Matt Taibbi responds in kind, answering every spineless reporter/editor’s feeble excuse about “giving the other side a chance”, about being “balanced” and “objective”.

“My feeling is that companies like Goldman Sachs have a virtual monopoly on mainstream-news public relations; for every one reporter like me, or like far more knowledgeable critics like Tyler Durden, there are a thousand hacks out there willing to pimp Goldman’s viewpoint on things in the front pages and ledes of the major news organizations. And there are probably another thousand poor working stiffs who are nudged into pushing the Goldman party line by their editors and superiors….

“Goldman has its alumni pushing its views from the pulpit of the U.S. Treasury, the NYSE, the World Bank, and numerous other important posts; it also has former players fronting major TV shows. They have the ear of the president if they want it. Given all of this, I personally think it’s absurd to talk about the need for “balance” in every single magazine and news article. I understand that some people feel differently, but that’s my take on things.”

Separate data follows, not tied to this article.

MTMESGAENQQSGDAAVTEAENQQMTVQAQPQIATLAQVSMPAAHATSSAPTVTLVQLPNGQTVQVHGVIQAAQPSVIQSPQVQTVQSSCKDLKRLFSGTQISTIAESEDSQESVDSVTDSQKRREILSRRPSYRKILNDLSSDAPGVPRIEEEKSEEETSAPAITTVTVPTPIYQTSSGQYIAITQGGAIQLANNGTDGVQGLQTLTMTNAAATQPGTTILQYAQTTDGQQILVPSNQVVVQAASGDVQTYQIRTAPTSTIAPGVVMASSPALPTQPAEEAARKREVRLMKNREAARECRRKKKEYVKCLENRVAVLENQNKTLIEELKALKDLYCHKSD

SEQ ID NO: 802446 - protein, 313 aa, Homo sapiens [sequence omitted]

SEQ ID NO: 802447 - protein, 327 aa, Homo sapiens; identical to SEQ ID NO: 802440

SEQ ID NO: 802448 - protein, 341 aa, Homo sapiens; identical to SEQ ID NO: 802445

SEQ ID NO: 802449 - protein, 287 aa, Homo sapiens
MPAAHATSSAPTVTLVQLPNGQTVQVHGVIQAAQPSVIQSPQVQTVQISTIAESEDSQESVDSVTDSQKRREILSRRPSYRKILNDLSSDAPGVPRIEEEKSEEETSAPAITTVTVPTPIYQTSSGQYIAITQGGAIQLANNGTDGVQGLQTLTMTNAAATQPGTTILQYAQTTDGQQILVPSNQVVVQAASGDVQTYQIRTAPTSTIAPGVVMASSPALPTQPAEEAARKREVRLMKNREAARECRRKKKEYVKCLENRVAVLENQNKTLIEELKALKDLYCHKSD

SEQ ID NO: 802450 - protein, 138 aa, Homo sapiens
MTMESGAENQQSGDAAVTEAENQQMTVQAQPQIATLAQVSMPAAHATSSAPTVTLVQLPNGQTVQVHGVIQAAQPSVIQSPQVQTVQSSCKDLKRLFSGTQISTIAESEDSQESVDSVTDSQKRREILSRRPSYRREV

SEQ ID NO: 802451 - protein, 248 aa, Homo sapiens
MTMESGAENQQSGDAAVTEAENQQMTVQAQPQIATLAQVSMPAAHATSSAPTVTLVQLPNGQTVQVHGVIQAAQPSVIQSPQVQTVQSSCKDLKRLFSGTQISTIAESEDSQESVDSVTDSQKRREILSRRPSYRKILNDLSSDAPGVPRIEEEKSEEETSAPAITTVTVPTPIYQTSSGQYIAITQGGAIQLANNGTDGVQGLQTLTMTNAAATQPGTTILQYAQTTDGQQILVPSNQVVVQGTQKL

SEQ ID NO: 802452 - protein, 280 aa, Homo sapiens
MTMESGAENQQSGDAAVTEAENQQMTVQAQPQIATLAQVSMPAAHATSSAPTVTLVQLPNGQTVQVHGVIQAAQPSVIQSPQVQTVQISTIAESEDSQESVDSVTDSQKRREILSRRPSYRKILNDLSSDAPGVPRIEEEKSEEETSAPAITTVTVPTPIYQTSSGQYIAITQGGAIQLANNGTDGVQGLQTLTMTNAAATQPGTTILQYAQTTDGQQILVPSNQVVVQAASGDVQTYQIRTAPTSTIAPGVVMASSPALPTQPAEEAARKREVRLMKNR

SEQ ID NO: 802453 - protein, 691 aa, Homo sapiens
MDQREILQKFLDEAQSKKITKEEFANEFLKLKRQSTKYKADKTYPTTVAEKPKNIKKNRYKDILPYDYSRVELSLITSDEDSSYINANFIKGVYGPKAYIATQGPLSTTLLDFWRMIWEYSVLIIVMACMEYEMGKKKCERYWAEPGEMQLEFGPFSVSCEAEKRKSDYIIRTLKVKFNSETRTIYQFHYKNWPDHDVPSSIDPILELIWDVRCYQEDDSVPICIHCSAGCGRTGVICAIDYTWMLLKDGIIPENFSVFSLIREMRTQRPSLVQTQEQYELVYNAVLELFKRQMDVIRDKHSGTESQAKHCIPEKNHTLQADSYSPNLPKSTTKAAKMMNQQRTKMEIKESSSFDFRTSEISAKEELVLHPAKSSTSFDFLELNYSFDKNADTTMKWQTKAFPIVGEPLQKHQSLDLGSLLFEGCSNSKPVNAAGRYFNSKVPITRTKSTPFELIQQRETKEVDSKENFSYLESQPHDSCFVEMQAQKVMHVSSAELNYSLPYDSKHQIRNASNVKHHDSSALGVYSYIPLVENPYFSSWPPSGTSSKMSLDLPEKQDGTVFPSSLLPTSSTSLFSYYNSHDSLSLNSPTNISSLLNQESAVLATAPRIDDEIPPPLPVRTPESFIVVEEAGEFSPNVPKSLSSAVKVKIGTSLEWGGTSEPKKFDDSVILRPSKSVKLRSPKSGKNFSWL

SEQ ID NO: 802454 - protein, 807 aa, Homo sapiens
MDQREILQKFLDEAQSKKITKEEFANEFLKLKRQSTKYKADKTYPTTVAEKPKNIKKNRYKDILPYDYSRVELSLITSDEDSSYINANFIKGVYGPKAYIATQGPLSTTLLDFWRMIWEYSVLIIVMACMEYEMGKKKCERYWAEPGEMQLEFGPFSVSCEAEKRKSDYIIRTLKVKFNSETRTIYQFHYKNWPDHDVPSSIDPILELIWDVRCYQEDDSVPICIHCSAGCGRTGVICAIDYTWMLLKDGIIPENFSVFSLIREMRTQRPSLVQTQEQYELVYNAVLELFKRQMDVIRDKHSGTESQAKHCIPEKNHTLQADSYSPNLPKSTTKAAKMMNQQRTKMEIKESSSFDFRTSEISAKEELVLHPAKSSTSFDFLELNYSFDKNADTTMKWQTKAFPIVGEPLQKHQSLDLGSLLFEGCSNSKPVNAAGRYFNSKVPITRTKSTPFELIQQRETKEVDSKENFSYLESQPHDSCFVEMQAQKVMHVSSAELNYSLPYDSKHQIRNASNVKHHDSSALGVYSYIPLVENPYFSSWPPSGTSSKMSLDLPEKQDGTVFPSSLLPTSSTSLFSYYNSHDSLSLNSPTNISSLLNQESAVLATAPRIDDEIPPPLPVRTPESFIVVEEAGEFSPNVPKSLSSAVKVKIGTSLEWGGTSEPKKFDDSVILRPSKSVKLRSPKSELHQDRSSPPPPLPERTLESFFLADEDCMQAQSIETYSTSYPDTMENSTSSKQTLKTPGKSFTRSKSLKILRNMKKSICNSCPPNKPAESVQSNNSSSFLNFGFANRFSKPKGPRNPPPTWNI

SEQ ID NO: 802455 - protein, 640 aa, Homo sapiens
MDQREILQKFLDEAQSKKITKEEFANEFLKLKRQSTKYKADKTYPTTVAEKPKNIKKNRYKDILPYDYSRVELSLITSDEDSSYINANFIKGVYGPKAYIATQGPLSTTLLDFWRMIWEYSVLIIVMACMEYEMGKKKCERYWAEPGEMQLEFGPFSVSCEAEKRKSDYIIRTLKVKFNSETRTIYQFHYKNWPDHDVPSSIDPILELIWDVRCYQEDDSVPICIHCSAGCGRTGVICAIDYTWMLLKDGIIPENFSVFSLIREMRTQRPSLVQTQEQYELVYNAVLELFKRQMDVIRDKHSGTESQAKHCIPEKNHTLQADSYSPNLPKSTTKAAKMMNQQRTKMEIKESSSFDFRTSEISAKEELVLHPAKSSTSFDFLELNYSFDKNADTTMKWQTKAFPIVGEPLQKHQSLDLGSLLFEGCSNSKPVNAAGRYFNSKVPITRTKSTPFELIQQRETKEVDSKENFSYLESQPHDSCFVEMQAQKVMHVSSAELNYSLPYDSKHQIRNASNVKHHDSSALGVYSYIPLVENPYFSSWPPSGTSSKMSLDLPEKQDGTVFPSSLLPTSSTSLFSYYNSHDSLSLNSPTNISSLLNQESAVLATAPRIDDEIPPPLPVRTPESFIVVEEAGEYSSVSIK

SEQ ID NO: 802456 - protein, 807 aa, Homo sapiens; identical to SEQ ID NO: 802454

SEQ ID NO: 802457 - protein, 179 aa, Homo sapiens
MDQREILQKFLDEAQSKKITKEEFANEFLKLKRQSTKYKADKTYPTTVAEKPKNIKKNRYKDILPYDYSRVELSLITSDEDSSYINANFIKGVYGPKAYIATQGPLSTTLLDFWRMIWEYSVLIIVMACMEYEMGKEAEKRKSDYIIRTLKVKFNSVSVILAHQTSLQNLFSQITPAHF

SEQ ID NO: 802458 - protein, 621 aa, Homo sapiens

There have been even wild accusations of “anti-Semitism” in Taibbi’s piece (he is Arab-American) against “the most prototypically Jewish firm around.”

Taibbi has also been accused of picking on Goldman Sachs when there were plenty of other bandicoots with their hands in the loot, like, say, Morgan Stanley.

“Why didn’t we write about Morgan? Because we didn’t. Because it’s your turn, you assholes. Maybe later someone will tell the story of the other banks, but for now, while most ordinary people are only just learning about the workings of the financial innovation era that blew up in their faces last year, the top dog in that universe is going to be first in line to get the special treatment.”

Read the Rolling Stone article: The great American bubble machine

Read Matt Taibbi’s blog: Taibblog

Read an interview with Matt Taibbi

Visit Goldman Sachs’ unofficial blog